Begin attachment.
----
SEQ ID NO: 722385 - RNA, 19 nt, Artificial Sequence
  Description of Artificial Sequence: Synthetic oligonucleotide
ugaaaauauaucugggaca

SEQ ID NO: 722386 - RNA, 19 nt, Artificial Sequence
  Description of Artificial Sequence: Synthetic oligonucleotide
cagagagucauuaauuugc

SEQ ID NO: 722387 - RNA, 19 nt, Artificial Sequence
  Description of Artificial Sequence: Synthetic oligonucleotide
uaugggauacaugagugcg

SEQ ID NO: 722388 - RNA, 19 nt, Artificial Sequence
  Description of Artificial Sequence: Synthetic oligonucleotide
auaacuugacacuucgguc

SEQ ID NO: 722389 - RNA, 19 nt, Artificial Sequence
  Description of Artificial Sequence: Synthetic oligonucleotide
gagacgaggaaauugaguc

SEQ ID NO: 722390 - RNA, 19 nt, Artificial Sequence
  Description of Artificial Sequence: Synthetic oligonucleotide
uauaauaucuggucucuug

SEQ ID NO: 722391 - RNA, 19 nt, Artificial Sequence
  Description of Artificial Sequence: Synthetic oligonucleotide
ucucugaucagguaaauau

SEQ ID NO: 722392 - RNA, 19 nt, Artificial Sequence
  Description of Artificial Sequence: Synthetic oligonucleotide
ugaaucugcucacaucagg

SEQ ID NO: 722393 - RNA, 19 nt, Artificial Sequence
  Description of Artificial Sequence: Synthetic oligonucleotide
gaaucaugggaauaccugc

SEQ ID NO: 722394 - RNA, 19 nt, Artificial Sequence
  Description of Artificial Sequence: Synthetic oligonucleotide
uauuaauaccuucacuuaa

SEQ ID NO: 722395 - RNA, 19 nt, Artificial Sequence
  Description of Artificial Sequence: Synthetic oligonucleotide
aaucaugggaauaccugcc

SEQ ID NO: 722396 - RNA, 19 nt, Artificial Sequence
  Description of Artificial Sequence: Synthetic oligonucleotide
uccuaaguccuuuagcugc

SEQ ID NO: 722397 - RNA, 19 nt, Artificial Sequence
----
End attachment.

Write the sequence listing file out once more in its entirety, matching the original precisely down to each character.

SEQ ID NO: 722385 - RNA, 19 nt, Artificial Sequence
  Description of Artificial Sequence: Synthetic oligonucleotide
ugaaaauauaucugggaca

SEQ ID NO: 722386 - RNA, 19 nt, Artificial Sequence
  Description of Artificial Sequence: Synthetic oligonucleotide
cagagagucauuaauuugc

SEQ ID NO: 722387 - RNA, 19 nt, Artificial Sequence
  Description of Artificial Sequence: Synthetic oligonucleotide
uaugggauacaugagugcg

SEQ ID NO: 722388 - RNA, 19 nt, Artificial Sequence
  Description of Artificial Sequence: Synthetic oligonucleotide
auaacuugacacuucgguc

SEQ ID NO: 722389 - RNA, 19 nt, Artificial Sequence
  Description of Artificial Sequence: Synthetic oligonucleotide
gagacgaggaaauugaguc

SEQ ID NO: 722390 - RNA, 19 nt, Artificial Sequence
  Description of Artificial Sequence: Synthetic oligonucleotide
uauaauaucuggucucuug

SEQ ID NO: 722391 - RNA, 19 nt, Artificial Sequence
  Description of Artificial Sequence: Synthetic oligonucleotide
ucucugaucagguaaauau

SEQ ID NO: 722392 - RNA, 19 nt, Artificial Sequence
  Description of Artificial Sequence: Synthetic oligonucleotide
ugaaucugcucacaucagg

SEQ ID NO: 722393 - RNA, 19 nt, Artificial Sequence
  Description of Artificial Sequence: Synthetic oligonucleotide
gaaucaugggaauaccugc

SEQ ID NO: 722394 - RNA, 19 nt, Artificial Sequence
  Description of Artificial Sequence: Synthetic oligonucleotide
uauuaauaccuucacuuaa

SEQ ID NO: 722395 - RNA, 19 nt, Artificial Sequence
  Description of Artificial Sequence: Synthetic oligonucleotide
aaucaugggaauaccugcc

SEQ ID NO: 722396 - RNA, 19 nt, Artificial Sequence
  Description of Artificial Sequence: Synthetic oligonucleotide
uccuaaguccuuuagcugc

SEQ ID NO: 722397 - RNA, 19 nt, Artificial Sequence